I don’t know if you can relate, but for me the biggest fear of actually allowing painful feelings in, was to go crazy, to lose my mind. Them being too much. That feeling them would shatter me into pieces I couldn’t manage to put back together. If that is your fear too, here’s a little easing wisdom nugget that I found out: You are not going crazy, you are not going to die. Yes, it might feel crazy overwhelming. But that’s it. And it gets better, every time you practice. Allowing your feelings is only gonna help – living the life you want to live and being the person you want to be.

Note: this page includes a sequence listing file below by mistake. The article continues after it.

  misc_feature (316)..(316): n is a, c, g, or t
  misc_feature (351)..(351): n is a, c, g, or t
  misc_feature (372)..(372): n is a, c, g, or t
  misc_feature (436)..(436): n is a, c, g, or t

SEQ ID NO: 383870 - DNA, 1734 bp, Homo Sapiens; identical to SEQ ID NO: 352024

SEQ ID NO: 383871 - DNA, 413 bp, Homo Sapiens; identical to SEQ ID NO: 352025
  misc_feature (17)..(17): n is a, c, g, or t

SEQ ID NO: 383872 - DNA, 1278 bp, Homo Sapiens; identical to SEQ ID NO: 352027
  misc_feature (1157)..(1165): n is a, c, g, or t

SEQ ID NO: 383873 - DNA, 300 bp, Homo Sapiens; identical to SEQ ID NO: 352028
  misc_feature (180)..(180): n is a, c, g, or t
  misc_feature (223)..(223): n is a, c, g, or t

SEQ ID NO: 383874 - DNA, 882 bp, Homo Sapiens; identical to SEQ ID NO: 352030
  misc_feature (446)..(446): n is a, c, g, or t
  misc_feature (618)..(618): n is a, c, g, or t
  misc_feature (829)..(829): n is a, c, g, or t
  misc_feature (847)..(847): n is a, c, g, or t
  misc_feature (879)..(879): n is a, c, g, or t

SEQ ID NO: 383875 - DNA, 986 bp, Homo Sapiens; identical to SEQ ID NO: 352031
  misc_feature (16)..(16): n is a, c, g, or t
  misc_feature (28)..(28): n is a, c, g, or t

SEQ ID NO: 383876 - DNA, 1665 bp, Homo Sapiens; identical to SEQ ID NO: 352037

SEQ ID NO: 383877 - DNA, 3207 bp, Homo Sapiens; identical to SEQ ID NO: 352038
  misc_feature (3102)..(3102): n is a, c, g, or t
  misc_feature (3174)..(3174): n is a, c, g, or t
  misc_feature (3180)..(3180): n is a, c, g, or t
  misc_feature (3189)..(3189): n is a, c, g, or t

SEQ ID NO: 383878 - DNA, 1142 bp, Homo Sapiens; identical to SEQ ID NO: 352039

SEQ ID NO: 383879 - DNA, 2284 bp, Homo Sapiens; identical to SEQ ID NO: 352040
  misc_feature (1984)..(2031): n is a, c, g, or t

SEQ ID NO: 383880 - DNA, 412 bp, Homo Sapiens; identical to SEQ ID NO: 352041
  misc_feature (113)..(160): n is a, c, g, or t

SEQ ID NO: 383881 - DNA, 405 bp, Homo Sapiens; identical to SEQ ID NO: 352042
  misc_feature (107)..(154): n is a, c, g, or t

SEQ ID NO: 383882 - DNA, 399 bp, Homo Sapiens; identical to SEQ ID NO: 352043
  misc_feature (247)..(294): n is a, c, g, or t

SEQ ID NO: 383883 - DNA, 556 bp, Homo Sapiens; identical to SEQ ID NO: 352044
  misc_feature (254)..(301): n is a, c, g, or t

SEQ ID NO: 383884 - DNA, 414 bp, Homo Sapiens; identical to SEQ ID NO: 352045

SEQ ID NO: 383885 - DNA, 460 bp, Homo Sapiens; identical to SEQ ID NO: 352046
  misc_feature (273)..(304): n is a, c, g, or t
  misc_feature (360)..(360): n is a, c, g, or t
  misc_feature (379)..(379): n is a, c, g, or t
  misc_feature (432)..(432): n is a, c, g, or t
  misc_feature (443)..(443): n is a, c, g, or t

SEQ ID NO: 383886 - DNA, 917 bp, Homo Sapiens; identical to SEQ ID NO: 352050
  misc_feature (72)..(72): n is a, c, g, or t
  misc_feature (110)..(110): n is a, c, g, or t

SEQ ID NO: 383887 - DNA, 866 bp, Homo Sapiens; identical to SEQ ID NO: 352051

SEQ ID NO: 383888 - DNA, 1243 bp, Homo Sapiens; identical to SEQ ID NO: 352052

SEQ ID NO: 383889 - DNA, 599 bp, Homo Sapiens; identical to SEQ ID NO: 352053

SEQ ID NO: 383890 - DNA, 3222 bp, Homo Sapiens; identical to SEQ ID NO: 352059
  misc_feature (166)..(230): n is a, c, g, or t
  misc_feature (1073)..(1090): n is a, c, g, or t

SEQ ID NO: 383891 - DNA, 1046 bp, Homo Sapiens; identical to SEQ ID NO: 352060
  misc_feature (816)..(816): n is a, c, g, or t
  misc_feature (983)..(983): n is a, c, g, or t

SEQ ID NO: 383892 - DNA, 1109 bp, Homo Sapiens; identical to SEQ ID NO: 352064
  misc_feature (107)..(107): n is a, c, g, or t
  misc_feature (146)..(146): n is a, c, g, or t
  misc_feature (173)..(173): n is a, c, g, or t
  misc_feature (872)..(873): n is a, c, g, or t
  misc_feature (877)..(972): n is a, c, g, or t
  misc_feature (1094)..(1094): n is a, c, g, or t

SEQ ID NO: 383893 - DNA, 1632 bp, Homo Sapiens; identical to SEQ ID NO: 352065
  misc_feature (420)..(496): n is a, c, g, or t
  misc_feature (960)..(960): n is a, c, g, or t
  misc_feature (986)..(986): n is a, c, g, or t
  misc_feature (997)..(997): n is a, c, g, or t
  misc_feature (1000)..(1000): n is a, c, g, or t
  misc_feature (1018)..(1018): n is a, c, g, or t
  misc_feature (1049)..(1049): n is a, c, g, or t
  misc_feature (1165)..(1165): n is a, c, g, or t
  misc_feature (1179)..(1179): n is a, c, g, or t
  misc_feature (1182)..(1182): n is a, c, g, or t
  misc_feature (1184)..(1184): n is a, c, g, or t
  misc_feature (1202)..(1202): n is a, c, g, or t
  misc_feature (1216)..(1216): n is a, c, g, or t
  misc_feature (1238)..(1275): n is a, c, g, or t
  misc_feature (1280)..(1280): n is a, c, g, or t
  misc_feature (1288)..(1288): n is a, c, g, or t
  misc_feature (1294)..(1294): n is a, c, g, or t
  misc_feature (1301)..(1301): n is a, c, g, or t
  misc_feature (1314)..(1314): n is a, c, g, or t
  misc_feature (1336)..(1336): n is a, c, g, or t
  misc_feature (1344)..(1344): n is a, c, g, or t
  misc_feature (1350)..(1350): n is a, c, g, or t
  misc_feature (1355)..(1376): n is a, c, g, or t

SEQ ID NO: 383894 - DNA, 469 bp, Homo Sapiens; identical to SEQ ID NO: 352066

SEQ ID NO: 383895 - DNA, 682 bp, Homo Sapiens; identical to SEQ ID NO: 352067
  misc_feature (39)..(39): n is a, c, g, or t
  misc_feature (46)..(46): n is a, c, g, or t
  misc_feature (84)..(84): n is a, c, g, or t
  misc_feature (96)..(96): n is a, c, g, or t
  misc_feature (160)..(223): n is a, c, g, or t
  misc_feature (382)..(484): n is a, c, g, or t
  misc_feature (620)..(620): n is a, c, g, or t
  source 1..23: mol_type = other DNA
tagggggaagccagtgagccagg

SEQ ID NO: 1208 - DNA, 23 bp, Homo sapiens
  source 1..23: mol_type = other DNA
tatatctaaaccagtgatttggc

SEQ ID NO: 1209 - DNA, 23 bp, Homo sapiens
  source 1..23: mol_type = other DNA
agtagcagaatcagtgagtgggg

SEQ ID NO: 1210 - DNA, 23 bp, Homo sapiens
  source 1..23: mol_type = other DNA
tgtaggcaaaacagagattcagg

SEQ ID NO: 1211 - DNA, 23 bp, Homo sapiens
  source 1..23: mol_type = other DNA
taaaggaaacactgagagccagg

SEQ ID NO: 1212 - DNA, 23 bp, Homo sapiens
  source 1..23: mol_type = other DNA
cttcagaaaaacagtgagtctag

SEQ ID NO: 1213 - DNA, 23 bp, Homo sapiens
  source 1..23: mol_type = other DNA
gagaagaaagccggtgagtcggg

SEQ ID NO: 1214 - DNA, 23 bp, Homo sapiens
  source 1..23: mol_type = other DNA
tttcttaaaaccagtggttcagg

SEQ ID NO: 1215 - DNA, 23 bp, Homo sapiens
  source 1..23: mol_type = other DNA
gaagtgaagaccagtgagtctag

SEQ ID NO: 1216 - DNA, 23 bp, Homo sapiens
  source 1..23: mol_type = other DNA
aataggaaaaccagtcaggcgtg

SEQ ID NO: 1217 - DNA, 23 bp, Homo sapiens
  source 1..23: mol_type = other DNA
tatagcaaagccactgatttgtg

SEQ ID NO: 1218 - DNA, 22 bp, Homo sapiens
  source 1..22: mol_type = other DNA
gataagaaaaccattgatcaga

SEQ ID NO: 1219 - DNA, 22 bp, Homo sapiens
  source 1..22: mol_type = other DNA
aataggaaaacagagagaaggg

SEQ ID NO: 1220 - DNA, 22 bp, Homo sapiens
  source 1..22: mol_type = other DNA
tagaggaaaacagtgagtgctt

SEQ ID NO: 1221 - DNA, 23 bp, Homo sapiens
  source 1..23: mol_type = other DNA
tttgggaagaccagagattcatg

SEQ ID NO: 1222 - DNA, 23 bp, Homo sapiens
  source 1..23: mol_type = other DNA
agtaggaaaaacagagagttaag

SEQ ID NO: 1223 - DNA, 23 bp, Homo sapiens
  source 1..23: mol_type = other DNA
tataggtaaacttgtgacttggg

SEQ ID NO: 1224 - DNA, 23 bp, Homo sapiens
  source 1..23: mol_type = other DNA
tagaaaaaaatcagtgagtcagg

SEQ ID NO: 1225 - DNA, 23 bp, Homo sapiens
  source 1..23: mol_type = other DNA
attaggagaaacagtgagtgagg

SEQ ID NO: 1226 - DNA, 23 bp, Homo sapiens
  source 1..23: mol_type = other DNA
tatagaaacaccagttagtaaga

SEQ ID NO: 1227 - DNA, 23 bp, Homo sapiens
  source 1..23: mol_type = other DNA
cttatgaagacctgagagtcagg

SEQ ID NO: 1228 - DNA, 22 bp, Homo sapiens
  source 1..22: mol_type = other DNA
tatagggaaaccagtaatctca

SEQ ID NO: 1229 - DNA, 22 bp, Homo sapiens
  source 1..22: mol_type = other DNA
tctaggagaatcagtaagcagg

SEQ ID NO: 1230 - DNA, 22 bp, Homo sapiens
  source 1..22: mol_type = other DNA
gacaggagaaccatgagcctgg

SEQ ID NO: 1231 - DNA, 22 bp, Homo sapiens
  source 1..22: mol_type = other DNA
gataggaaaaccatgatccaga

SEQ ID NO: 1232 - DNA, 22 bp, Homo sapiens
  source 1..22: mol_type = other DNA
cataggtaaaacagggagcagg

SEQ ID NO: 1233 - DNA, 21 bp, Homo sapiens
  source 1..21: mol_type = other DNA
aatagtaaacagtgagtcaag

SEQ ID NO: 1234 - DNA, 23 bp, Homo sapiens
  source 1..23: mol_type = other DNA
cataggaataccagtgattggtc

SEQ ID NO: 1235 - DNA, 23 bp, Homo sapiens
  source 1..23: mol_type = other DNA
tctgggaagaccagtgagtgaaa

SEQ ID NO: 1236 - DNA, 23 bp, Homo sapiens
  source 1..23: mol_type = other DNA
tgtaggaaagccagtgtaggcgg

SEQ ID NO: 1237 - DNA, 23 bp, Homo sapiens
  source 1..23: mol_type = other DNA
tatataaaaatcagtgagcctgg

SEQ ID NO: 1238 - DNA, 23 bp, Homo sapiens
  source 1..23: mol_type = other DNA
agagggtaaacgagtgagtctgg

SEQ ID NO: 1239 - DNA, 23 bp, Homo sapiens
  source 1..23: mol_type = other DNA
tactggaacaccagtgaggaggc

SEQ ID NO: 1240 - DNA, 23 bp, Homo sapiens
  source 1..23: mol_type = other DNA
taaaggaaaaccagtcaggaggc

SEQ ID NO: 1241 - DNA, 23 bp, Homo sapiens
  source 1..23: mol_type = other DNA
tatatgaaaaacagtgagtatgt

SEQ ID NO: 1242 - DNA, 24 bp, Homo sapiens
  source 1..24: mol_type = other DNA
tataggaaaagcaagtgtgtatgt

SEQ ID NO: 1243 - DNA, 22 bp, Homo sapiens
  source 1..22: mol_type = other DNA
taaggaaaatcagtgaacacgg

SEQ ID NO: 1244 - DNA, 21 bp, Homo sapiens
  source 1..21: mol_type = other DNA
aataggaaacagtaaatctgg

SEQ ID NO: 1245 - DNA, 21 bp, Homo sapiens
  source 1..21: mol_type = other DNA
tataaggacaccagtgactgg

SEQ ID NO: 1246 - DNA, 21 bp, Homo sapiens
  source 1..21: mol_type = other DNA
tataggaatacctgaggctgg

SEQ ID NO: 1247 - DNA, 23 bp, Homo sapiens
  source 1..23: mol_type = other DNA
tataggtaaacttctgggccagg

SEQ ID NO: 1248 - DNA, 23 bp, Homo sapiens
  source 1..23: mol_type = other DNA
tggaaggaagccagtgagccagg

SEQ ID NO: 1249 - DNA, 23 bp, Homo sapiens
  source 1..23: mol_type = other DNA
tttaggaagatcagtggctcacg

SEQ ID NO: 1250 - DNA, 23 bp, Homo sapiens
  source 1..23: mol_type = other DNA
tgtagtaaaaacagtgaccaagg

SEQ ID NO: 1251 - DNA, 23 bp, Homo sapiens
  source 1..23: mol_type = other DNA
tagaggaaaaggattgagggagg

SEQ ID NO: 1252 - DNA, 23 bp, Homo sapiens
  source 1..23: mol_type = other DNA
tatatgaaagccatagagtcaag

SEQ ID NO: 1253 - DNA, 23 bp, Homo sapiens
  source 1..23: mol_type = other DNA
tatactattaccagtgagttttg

With understanding that and learning about triggers, shame and suppressed emotions, I can now honestly look at fear. And allow it. Maybe not all the time. Definitely not. But every time a little more. I have a coach helping me with it when I need help, while being my own coach and my own client all the time. And I believe always will be as life goes on. I’m getting closer and closer to my ideal of awareness, vulnerability and compassion. Or strong back, soft front and wild heart, as Brené Brown says*. Getting there. And getting comfortable with the imperfection of not being there yet. 

If you want to know more about the whole feel-your-fear-and-pain-idea or want some help working with it, please feel free to contact me

This article was also published on

* Brené Brown in: Braving the Wilderness